A meeting of the committee of 175 appointed to protest against the action of the Brooklyn Rapid Transit Company's new system of transfers in South Brooklyn will be held this evening in Parshall Hall, Fifty-third street and Third avenue. It is intended to complete arrangements for a mass meeting to be held in Prospect Hall on Thursday evening next. WOMEN AND FERRYBOATS. Mrs. Lillie Devereaux Blake, president of the New York County Woman's Suffrage League, at a meeting held in edo yesterday, said that men so crowd into the women's cabins on ferryboats that the signs should be removed from the men's side to give women a chance to go there.

She said the League wouid make a crusade for the removal of signs from both cabins. "At she added, "the men I crowd the women's cabin and take the seats, so that the women have to stand." FINANCIAL NEWS. The stock market was irregular at the opening, with a few scattered gains in response to the better tone in London and continued buying for arbitrage account. Just prior to the publication of the bank statement the whole list began to weaken. Among those which fell 2 to 3 points was Sugar, Tobacco, Tennessee Coal Iron, Peoples Gas, Manhattan Railway, Metropolitan Street Railway- and some specialties.

The general railway list lost a point or more. After the bank statement there was some covering of shorts and Sugar was especially erratic, finally rallying a point above the lowest. The unfavorable reports of Manhattan and Pacific Mail Steamship Company was the only other news having a bearish influence. The market closed unsettled and Irregular, but with numerous rallies from the lowest prices. In Governments 5s were per cent.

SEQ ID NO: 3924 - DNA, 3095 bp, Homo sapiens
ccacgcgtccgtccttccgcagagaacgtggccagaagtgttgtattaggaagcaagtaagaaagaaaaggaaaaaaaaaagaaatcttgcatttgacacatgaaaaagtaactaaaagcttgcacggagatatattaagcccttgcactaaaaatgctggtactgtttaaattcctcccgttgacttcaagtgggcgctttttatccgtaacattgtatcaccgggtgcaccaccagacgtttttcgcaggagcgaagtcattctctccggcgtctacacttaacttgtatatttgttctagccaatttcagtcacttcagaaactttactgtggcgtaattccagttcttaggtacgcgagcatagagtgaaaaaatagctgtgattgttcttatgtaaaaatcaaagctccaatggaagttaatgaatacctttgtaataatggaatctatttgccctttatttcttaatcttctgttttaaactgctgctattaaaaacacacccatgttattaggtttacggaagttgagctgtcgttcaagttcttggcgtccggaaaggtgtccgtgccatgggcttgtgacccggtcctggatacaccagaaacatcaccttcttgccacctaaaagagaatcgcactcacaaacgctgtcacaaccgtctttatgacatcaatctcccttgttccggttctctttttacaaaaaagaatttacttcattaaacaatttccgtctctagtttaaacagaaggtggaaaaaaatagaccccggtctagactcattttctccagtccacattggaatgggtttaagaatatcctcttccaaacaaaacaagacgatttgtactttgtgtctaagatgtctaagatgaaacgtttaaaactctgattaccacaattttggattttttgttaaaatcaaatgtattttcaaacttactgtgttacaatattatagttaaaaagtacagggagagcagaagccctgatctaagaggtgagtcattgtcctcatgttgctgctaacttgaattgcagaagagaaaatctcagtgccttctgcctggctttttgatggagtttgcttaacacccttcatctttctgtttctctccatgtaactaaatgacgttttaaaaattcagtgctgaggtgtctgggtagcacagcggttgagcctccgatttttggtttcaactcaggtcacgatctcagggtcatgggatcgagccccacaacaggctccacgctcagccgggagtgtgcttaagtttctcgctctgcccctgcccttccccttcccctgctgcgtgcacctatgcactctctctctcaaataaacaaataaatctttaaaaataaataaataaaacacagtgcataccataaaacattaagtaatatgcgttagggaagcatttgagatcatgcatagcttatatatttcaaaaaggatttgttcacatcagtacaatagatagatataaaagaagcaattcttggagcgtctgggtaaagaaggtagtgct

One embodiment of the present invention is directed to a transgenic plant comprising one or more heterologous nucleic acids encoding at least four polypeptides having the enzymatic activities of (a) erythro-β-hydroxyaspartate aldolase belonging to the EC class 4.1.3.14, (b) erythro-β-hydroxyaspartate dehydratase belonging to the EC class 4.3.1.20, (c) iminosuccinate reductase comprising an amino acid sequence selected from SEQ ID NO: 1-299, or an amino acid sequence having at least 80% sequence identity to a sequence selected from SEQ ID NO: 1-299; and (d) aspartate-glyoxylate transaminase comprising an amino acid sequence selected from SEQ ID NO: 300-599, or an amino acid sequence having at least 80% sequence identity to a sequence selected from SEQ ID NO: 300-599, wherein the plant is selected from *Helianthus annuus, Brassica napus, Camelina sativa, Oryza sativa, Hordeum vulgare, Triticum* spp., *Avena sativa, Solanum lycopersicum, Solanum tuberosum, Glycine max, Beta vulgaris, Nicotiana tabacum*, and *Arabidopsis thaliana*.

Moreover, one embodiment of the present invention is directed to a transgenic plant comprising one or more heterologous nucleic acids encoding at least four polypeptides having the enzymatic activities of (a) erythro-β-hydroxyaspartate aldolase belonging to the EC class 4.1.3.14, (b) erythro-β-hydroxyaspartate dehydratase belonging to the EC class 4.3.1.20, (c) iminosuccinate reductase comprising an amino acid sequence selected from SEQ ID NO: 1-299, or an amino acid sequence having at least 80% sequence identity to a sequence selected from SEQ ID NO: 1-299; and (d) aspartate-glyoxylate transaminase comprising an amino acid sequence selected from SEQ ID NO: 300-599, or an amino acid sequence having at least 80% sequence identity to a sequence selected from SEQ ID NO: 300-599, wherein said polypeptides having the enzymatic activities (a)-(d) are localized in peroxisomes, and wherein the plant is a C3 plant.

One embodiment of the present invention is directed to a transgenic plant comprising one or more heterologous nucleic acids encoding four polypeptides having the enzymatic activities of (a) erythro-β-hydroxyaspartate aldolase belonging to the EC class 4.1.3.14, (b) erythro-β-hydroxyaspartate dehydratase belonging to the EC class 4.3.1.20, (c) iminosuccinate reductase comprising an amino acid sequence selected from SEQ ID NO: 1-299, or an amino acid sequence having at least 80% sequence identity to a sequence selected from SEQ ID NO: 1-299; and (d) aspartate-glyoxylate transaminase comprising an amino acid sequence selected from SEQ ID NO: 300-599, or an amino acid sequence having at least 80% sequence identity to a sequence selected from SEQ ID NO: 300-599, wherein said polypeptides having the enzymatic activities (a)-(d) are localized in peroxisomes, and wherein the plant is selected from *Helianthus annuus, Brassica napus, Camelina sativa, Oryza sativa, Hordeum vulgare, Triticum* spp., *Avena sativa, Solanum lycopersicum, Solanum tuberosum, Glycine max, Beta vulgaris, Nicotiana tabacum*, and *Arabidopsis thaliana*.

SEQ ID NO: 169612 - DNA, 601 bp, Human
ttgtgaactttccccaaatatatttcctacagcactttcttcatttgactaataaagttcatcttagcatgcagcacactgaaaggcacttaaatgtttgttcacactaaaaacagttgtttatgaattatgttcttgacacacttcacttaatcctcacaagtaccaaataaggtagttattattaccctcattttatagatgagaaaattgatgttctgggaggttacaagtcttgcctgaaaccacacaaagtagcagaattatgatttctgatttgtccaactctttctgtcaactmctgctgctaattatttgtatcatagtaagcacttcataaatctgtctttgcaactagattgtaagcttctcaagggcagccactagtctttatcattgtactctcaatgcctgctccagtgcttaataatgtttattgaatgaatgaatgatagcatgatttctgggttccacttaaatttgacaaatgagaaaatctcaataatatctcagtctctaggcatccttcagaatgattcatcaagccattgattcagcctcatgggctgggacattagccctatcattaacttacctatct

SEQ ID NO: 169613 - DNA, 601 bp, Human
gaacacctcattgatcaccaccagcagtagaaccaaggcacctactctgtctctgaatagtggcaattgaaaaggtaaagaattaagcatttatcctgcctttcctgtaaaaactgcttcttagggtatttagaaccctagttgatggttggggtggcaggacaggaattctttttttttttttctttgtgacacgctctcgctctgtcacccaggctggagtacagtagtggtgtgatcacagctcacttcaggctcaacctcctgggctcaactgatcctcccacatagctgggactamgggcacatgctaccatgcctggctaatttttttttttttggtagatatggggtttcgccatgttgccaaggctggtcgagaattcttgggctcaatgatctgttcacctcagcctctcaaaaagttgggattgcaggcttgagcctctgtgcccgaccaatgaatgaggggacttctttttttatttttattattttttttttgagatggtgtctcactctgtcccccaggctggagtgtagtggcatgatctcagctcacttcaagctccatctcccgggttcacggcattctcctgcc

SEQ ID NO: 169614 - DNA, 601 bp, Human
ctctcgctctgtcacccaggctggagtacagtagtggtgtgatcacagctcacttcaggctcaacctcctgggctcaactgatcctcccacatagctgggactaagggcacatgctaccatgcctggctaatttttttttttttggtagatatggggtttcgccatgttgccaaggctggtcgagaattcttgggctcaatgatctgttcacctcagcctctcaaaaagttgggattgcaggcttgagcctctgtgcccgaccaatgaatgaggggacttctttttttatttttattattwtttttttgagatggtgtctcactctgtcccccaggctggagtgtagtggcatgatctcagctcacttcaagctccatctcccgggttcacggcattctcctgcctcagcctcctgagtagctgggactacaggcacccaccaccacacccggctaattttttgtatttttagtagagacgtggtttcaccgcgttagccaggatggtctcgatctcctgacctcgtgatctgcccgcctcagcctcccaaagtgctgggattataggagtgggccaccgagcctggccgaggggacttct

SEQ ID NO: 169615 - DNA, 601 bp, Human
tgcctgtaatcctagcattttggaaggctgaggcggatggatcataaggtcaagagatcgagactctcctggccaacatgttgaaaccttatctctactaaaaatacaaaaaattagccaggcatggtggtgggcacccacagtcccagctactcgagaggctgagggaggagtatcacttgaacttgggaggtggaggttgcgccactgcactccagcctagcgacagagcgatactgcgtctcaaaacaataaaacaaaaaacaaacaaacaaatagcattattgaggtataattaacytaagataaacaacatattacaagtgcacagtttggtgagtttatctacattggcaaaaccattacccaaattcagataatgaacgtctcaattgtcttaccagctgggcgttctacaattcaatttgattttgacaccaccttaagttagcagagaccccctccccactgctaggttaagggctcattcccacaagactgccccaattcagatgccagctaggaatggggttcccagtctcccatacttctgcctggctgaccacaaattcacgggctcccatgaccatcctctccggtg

up and railroad bonds fairly steady. Stock Exchange Closing Prices. Bid. Asked. Terre 45 Evans Terre Haute 90 91 Federal 551 Federal Steel General Electric 122 Glucose 48 49 Glucose Sugar 97 100 112 Valley.

32 Hocking Valley pfd 63 Int 26 Int Paper pfd Iowa Central 14 Iowa Central pfd 58 59 Kansas City, Pitts 9 Kansas Texas 12 Kansas Texas Laclede 77 Laclede Gas pfd 102 103 Lake 18 19 Lake West 80 Erie Lake Shore 198 210 Long 46 52 Louis 85 Manhattan 102 Metropolitan St 193 Mexican 13 Mexican Central pfd 17 Mexican National 13 St 70 72 Minn St Louis 2d 94 St 22 24 Minn, St 63 Missouri Mobile 44 National 41 National Biscuit 90 96 National 28 National Lead pfd 105 108 National Steel National Steel pfd 94 Central Y. Chic Central St 14 Air '150 Northwest 166 167 Northwest pfd 201 205 Norfolk 26 Norfolk West 70 North American 13 Northern Northern Pacific 74 NY. NH 214 216 Omaha Omaha pfd 170 Ontario 25 Pacific 41 Pennsylvania 129 Pullman Palace 94 Pitts, Cin St 74 Pitts, Cin St 89 91 Pressed Steel Pressed Car Reading 20 21 Reading 1st pfd Reading 2d pfd 30 Rio Grande 40 Rio Grande 83 Rock Standard Rope 11 St Joe Grand 6 St Joe Grand 1st 51 St Joe Grand Isl 2d 17 St Louis San Louis 2d 36 St 13 14 St Southwest pfd 301 St St Paul Duluth 63 St Paul Duluth 102 Southern Railway 13 Southern Ry 56 Tenn Coal Iron Texas 1814 Third Avenue 1461 150 Express 48 50 Union Union Pacific pid 255 Leather pfd 78 Rubber 47 Rubber pfd 112 114 Wabash: Wabash pid Western Union 881, Wisconsin entral 20 Wisconsin Central 55 Total sales stocks to-day, bonds, $819,00. Money closed ofd. high.

6: low. 3 per Am Linseed Oil 11. Am Linseed Oil Am Car Foundry Am Car Foundry 61 62 Am Cotton Cotton Oil pfd 95 97 Am Dist 25 35 Am Steel 44 Am Steel Hoop pfd Am Sugar Am Sugar pfd 118 Am Tobacco 119 Am Tobacco, 143 Am Spirits Am Steel' 47 Am Steel Wire 93 94 Am Tin Plate 31 Am Tin Plate 82 Atch Top Atch T. Amer Express 148 150 Am Smeltg Ref 36 Am Smeltg Anaconda 44 Balt 51 Balt Ohio pfd Bklyn Rapid 86 Bklyn Union 140 141 Burlington Quincy 131 Canada 53 Canadian Ches Ohio 27 Chic Con Chic East 97 Chic East Illinois 124 129 Chic Gt Chie Gt pfd, 80 81 Chic Gt West pfd, 41 Chic, Ind 12 Chic, Ind Louis 42 44 Clece, Lor Wheeling 11 Cleve. Lor Wheeling 42 Fuel 53 54 Col Fuel Iron 127 130 Continental Tobacco 407 Continental Tobacco Colorado 6 8.